Fiction

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Suzanne Falkiner reviews 'Gwen' by Goldie Goldbloom

Suzanne Falkiner
24 February 2017

Goldie Goldbloom has an eye for the dramatic and the morbid. Her novel about the real-life love affair, beginning in 1904, between artists Gwen John and Auguste Rodin, thirty-six years her senior, begins with a list of seventeen women – including Camille Claudel, Isadora Duncan, and Lady Victoria Sackville-West – whom Rodin allegedly bedded. One, we learn, was h ...

From the outside, America seems defined by its brutal polarities – political, racial, moral, economic, geographic. The Disunited States of America. From the inside, the picture is more complex; American life is not lived at these extremes, but in the murky, transitional spaces between them. George Saunders’s much-anticipated novel Lincoln in the Bardo i ...

E.B. White once said there were three New Yorks, comprised of those who were born there (‘solidity and continuity’), the daily commuter (‘tidal restlessness’), and the searcher on ...

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The Birdman’s Wife is about passion, obsession, and ambition. Narrated by Elizabeth (Eliza) Gould, the novel relates her marriage to, and creative partnership with ...

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For the most part, the burgeoning 1980s nostalgia industry in Australia tends to overlook the fact that back then the states seemed to be engaged in a kind of Sheffield Shield ...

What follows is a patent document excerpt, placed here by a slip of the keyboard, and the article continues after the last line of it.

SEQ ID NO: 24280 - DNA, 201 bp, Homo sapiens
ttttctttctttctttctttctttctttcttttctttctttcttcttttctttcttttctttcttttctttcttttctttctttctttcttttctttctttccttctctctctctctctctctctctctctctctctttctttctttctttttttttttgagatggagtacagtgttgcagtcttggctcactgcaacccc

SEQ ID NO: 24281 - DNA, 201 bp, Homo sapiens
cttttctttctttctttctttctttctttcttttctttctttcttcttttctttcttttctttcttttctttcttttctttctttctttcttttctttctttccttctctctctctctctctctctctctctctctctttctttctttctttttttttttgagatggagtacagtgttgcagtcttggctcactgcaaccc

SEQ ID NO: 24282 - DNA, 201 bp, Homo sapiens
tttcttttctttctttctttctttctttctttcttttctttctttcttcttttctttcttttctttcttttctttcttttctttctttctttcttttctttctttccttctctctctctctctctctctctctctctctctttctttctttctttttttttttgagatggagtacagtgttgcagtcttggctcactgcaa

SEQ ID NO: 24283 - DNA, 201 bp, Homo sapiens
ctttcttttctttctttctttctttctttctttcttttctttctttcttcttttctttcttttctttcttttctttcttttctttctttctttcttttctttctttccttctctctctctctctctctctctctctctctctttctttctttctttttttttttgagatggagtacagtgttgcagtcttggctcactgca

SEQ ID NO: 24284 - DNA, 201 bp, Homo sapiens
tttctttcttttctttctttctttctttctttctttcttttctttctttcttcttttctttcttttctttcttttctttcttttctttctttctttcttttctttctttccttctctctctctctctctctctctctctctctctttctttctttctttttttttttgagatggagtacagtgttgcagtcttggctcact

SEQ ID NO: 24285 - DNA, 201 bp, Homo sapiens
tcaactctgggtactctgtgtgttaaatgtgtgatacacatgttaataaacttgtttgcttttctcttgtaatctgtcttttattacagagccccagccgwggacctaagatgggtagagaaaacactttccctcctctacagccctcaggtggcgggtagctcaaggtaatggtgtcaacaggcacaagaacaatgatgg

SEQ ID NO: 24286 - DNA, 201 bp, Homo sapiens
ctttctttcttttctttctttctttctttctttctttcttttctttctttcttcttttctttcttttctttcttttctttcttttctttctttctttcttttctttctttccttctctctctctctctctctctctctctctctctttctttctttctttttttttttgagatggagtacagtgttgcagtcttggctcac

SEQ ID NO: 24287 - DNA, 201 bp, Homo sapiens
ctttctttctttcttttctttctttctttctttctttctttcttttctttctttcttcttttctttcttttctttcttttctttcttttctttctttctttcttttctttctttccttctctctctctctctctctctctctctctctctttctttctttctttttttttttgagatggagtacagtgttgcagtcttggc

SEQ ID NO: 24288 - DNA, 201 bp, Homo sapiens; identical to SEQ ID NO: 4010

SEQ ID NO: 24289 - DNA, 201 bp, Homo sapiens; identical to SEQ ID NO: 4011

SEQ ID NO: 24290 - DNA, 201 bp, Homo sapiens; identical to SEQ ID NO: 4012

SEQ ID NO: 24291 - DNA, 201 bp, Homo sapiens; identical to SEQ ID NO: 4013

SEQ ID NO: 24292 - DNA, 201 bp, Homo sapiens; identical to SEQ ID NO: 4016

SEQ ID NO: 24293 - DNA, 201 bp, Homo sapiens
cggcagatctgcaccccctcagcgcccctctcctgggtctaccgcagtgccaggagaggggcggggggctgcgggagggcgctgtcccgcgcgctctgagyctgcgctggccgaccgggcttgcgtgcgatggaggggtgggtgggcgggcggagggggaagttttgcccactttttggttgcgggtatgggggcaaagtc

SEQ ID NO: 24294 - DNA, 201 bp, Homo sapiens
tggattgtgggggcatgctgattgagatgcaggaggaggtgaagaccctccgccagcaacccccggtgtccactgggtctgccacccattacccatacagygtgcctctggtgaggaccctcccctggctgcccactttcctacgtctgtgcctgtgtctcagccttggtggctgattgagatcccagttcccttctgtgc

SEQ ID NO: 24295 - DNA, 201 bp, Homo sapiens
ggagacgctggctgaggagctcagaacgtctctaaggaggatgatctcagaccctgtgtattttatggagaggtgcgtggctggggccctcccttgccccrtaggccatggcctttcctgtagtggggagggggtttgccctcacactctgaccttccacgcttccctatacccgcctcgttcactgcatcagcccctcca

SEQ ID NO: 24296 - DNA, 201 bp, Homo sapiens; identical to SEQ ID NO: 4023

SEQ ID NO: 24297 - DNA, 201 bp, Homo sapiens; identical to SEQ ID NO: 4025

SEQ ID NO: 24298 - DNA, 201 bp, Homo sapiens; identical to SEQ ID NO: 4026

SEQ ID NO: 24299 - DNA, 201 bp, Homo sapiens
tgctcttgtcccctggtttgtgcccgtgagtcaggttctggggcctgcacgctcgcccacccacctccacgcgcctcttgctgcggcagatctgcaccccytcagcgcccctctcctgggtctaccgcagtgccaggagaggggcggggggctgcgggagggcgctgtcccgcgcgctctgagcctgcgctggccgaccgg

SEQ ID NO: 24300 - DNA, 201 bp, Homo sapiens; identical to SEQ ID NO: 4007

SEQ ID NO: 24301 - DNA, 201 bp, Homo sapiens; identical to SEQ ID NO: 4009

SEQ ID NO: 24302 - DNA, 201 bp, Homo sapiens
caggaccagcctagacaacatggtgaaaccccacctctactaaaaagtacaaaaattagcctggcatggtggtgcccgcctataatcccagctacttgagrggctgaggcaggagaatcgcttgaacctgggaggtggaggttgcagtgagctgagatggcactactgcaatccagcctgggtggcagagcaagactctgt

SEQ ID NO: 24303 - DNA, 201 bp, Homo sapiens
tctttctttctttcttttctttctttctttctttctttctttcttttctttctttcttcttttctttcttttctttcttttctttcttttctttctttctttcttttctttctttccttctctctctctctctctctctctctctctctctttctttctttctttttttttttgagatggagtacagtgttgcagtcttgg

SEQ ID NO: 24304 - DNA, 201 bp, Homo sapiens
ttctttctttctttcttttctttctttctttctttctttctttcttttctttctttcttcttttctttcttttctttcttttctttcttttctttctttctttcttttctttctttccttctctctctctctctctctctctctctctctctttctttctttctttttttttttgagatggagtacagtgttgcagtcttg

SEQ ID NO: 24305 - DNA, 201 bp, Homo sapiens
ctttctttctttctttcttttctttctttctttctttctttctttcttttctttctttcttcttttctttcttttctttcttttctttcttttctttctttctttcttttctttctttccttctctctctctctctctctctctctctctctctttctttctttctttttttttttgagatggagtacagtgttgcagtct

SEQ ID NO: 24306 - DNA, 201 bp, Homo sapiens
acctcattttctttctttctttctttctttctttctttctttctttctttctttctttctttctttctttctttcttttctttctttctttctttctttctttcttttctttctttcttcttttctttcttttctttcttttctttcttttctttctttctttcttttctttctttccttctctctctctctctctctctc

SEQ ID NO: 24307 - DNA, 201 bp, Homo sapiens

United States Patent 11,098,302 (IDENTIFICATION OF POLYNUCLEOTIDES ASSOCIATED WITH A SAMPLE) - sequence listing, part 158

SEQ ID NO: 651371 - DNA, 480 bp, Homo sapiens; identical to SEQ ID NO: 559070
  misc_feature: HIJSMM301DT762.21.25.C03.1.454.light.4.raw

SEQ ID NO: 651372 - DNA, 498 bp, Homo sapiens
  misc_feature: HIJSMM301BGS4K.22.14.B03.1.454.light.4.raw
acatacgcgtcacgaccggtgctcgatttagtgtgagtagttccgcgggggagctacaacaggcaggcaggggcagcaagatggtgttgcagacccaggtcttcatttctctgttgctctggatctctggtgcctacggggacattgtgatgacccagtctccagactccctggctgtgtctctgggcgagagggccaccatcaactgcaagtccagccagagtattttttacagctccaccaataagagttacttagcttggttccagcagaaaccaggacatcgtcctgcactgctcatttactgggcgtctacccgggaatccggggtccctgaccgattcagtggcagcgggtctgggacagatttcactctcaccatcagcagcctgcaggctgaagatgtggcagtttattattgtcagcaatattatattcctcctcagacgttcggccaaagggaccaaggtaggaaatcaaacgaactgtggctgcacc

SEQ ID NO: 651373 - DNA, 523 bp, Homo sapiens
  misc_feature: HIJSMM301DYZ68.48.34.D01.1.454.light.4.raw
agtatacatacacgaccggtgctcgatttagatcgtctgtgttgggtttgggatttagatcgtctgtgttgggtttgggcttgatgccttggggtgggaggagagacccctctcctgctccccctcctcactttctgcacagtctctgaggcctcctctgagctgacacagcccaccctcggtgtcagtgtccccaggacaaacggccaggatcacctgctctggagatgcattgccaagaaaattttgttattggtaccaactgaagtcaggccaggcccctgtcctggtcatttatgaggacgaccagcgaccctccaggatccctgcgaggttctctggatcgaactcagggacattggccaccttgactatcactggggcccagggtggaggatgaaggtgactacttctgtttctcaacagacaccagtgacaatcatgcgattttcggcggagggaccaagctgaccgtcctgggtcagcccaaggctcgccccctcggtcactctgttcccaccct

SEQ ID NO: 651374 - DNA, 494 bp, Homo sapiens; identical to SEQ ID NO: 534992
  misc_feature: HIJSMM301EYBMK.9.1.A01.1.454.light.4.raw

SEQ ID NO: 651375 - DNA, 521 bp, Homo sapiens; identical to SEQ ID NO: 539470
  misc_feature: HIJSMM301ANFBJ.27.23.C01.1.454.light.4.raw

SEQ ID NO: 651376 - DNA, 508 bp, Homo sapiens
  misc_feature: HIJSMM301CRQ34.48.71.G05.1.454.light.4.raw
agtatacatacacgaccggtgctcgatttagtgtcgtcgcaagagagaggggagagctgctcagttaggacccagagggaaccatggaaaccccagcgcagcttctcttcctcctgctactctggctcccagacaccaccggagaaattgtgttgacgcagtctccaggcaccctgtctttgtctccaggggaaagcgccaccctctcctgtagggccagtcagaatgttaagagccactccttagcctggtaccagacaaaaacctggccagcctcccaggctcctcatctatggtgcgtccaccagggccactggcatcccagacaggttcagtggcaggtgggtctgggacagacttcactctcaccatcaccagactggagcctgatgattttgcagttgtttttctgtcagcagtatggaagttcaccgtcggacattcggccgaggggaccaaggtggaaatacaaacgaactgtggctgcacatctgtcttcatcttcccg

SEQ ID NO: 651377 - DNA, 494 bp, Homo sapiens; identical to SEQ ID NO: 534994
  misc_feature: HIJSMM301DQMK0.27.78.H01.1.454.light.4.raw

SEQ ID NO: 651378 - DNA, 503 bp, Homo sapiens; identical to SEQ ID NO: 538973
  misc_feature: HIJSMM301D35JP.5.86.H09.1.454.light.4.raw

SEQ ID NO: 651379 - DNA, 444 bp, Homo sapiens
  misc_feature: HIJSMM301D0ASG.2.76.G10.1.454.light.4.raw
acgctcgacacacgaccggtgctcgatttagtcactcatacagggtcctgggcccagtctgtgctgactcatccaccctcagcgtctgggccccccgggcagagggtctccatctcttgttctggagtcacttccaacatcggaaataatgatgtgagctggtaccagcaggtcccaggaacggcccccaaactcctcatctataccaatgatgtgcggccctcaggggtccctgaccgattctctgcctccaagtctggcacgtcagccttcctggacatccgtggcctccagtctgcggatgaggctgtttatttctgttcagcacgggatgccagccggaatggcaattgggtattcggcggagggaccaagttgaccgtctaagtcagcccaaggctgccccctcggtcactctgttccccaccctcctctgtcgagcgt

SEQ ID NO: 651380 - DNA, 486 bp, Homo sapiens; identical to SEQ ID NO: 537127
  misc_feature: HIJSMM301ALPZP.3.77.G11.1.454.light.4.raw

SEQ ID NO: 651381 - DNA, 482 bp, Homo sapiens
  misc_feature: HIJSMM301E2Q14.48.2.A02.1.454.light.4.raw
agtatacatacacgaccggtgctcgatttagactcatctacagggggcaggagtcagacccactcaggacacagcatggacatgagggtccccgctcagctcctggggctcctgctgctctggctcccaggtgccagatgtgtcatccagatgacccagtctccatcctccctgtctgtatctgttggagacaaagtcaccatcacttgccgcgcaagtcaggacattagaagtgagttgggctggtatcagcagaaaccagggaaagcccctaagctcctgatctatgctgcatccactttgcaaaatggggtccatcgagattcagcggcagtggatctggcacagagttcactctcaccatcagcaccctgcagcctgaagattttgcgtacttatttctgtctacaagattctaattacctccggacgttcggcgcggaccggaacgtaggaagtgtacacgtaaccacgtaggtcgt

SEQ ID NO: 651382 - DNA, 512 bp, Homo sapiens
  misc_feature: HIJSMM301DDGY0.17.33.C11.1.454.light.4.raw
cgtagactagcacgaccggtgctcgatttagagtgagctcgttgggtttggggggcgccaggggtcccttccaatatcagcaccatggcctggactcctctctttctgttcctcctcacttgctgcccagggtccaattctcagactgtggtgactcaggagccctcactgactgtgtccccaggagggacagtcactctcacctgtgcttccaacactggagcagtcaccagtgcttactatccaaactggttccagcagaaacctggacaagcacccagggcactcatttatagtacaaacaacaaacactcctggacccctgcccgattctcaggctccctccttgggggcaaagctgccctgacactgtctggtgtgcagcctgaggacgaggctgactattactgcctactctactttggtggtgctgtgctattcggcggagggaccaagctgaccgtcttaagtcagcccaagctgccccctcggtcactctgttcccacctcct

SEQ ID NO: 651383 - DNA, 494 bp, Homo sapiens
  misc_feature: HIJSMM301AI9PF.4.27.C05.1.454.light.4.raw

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In the midst of preparing for an important London exhibition, photographer Andrew is drawn back to Australia by the sudden disappearance of his former girlfriend, Kirsten ...

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If Peter Boyle’s new and selected, Towns in the Great Desert (which I reviewed in ABR, March 2014), was a tour de force of the imagination, and a book of stunningly strange ...

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Mictlán, the underworld of Aztec mythology, is divided into nine regions, like Dante’s Inferno. Yuri Herrera’s novella, Signs Preceding the End of the World, opens with ...

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Extinctions takes its time giving up its secrets, and there are some we will never know. One of its most persistent enigmas is what kind of book it is. I wondered ...

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Shannon Burns reviews 'Autumn' by Ali Smith

Shannon Burns
20 December 2016

Ali Smith is a formally and thematically exuberant writer who takes obvious pleasure in the art of storytelling, the mutability of language, and slippages in representation ...

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